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Comment: Re:There is no such thing as AI (Score 1) 76

and never will be

How could you possibly know that?

An electronic switch knows nothing. A massive piles of electronic switches cannot know something.

A neuron knows nothing, and yet a "massive pile" of neurons can know, understand, imagine, lie, cheat, steal, love, hate, and dream.

AI may not be here yet, but it's practically inevitable.

Comment: Re:Displacing five times as much water... (Score 1) 102

by wonkey_monkey (#48618789) Attached to: New Cargo Ship Is 488 Meters Long

It'd be hard for it not to given that it weighs five times as much.

But that's not "given" - it's not stated in the story, and I don't personally happen to have any idea how much an aircraft carrier weighs off the top of my head, so the story pointing out that it displaces as much water as six aircraft carriers - that's what the linked article says - is useful information. Though a direct weight comparison would probably make more sense to the average reader.

Comment: A 10,000ft tether? (Score 4, Interesting) 160

by wonkey_monkey (#48618549) Attached to: Army To Launch Spy Blimp Over Maryland

Technically considered aerostats, since they are tethered to mooring stations, these lighter-than-air vehicles will hover at a height of 10,000 feet

What do you make a 10,000ft tether out of, and what are the dangers? Presumably it's going to limit air traffic in the area, and will the angle and direction of the tether will vary depending on wind strength and direction?

What would happen if the tension provided by the balloon's lift was removed, for whatever reason?

Comment: You could start... (Score 1) 188

...by telling us what "AP" and "CS" mean.

Nah, just kidding this time. About CS, at least. AP I don't know.

One of Microsoft's particular goals is to "reach every individual girl in her house."

Oh, I see, it's okay when Microsoft says it, but I get a lecture from the cops. Typical!

Comment: Re:Wasn't there a book about this? (Score 4, Insightful) 137

by wonkey_monkey (#48601423) Attached to: How Birds Lost Their Teeth

Why give up teeth

Because as things changed and the years passed they became more of a hindrance than a help to birds (or their ancestors) and so those offspring born with fewer teeth, or smaller teeth, were better at surviving and having offspring.

how to convince your unborn offspring to do take it to the next step.

Why would any "convincing" be required? The offspring are likely to face the same challenges as their parents. If they've got traits that help them survive better than their peers - such as fewer or smaller teeth - then they'll pass these on to their offspring. Then, in turn, those offspring will be facing the same pressures again. So once again, among those offspring, those with fewer or smaller have a better chance at surviving than their brothers and sisters (and cousins).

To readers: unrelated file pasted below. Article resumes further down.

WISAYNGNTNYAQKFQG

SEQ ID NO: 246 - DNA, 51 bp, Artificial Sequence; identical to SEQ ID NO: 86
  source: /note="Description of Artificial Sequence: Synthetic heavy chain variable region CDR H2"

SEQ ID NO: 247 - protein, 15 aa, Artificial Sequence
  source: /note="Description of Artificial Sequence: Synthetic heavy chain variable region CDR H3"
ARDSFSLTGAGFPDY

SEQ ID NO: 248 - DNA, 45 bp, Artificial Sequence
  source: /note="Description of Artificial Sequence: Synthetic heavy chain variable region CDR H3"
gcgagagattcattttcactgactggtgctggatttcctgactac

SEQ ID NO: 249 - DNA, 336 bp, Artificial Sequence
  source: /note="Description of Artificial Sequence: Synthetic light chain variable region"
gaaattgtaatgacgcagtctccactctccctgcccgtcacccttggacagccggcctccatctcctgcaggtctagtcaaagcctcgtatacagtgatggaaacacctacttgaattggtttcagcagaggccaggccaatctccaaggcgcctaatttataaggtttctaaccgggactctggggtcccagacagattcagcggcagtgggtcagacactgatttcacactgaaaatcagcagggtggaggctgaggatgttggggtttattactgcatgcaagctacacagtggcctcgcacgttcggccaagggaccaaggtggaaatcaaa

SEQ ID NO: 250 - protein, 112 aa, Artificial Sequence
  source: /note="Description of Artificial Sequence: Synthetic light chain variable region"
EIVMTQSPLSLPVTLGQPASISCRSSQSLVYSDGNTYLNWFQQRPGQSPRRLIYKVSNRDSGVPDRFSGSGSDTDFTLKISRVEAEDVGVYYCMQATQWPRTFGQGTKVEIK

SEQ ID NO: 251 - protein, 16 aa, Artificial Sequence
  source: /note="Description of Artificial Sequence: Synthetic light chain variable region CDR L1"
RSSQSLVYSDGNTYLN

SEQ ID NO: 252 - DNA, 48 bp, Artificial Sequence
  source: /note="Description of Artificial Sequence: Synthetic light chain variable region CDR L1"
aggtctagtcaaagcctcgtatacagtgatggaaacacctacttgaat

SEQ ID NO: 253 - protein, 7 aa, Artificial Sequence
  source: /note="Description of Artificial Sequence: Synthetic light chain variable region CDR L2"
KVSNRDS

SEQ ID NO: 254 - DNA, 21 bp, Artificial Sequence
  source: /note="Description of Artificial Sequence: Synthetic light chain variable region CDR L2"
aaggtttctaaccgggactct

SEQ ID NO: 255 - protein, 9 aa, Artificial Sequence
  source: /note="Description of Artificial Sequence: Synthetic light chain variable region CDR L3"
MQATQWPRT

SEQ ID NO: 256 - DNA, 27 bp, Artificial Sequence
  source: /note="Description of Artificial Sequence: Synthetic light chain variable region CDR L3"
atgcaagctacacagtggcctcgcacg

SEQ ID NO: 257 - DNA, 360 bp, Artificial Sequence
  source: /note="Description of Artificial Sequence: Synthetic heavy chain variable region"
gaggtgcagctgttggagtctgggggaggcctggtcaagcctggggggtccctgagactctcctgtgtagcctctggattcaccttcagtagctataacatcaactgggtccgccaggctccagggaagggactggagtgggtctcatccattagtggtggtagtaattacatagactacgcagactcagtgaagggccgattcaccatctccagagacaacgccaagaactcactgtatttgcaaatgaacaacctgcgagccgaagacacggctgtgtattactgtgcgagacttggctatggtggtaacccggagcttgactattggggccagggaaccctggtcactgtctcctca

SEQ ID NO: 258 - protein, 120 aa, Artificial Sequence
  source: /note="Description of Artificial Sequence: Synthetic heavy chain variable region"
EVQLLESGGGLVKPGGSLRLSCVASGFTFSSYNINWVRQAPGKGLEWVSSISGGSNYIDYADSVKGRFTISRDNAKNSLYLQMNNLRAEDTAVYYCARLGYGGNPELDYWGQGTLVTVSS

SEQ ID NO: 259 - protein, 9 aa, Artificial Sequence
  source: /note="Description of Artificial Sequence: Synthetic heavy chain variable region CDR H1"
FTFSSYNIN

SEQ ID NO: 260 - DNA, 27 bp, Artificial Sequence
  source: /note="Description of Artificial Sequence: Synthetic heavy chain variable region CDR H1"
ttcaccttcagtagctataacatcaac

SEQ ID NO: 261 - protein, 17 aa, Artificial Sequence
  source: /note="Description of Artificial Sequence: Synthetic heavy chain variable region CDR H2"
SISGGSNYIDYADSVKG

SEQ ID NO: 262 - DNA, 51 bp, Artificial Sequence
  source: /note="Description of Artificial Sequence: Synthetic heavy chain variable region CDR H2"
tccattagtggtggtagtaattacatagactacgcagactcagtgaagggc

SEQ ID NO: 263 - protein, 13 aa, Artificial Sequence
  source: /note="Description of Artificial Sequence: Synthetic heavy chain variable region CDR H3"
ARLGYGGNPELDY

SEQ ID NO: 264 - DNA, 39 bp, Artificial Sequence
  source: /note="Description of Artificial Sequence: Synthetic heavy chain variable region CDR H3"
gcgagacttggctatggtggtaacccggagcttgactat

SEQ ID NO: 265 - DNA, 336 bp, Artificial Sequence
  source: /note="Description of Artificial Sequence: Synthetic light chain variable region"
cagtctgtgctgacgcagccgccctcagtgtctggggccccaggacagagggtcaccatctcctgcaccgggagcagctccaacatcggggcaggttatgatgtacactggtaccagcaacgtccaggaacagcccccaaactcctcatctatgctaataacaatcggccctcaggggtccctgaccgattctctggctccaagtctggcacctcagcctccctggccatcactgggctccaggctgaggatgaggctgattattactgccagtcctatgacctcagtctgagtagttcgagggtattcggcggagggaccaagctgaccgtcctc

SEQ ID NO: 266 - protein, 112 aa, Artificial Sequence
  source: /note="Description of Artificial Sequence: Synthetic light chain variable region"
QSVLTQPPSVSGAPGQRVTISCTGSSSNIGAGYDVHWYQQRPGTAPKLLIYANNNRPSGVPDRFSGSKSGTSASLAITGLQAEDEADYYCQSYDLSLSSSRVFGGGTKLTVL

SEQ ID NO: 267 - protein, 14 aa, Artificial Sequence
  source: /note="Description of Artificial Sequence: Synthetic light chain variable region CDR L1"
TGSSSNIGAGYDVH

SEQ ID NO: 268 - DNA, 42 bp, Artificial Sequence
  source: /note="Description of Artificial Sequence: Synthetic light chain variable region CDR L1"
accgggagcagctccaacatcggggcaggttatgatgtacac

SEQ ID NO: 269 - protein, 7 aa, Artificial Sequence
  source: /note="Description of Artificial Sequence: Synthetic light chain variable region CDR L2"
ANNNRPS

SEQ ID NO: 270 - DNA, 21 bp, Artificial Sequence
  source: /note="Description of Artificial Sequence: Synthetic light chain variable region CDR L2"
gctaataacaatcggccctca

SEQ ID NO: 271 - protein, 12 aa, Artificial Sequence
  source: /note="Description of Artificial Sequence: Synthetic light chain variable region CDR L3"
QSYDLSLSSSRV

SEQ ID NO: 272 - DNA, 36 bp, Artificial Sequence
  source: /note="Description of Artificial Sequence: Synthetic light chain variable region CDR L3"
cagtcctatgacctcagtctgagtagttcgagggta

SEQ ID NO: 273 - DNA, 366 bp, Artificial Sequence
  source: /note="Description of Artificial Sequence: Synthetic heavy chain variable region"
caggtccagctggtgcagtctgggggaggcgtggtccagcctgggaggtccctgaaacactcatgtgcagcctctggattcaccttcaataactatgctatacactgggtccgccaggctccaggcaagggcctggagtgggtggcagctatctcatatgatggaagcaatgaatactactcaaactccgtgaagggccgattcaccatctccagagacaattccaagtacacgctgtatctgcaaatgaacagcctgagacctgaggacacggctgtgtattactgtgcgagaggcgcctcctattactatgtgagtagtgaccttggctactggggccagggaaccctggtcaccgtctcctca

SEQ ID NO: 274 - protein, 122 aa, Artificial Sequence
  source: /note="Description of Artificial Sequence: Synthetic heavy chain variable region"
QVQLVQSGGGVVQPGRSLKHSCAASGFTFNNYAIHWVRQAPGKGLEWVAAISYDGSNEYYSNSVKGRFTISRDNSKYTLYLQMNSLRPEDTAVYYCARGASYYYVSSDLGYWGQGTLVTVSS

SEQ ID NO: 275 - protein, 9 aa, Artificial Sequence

You would expect these animals to be superior to us and make conscious decisions to change their DNA, to evolve

What animals are you talking about? No animal needs to make a conscious decision to evolve. It's already taken care of by inheritance and selection pressure.

As long as you've got a mechanism for children to be largely similar to but ever-so-slightly different from their parents, and a reason for some of those offspring to reproduce more successfully than others because of those differences, then evolution is inevitable.

Comment: Re:clarity - wrong assumption (Score 2) 431

by wonkey_monkey (#48594507) Attached to: Vinyl Record Pressing Plants Struggle To Keep Up With Demand

CD's however can (and do) have built in hidden signals that allows the software police to track the origin of any ripped tracks.

Feel free to prove me wrong, but I'm going to go out on a limb and say that they can't (and don't). CDs are mass produced from glass masters. How could they have "hidden signals"?

Once ripped and compressed, sure, you're going to see differences between files of the same track (unless the same software was used with the same settings, and the rip was error free).

Not sure how practical any "tracking" would be, either - at best, finding the same rip on two computers tells you... well, it tells you that it's the same rip. It doesn't really tell you anything about how it got there, and it certainly doesn't tell you that it came from computer A to computer B.

I've got all the money I'll ever need if I die by 4 o'clock. -- Henny Youngman

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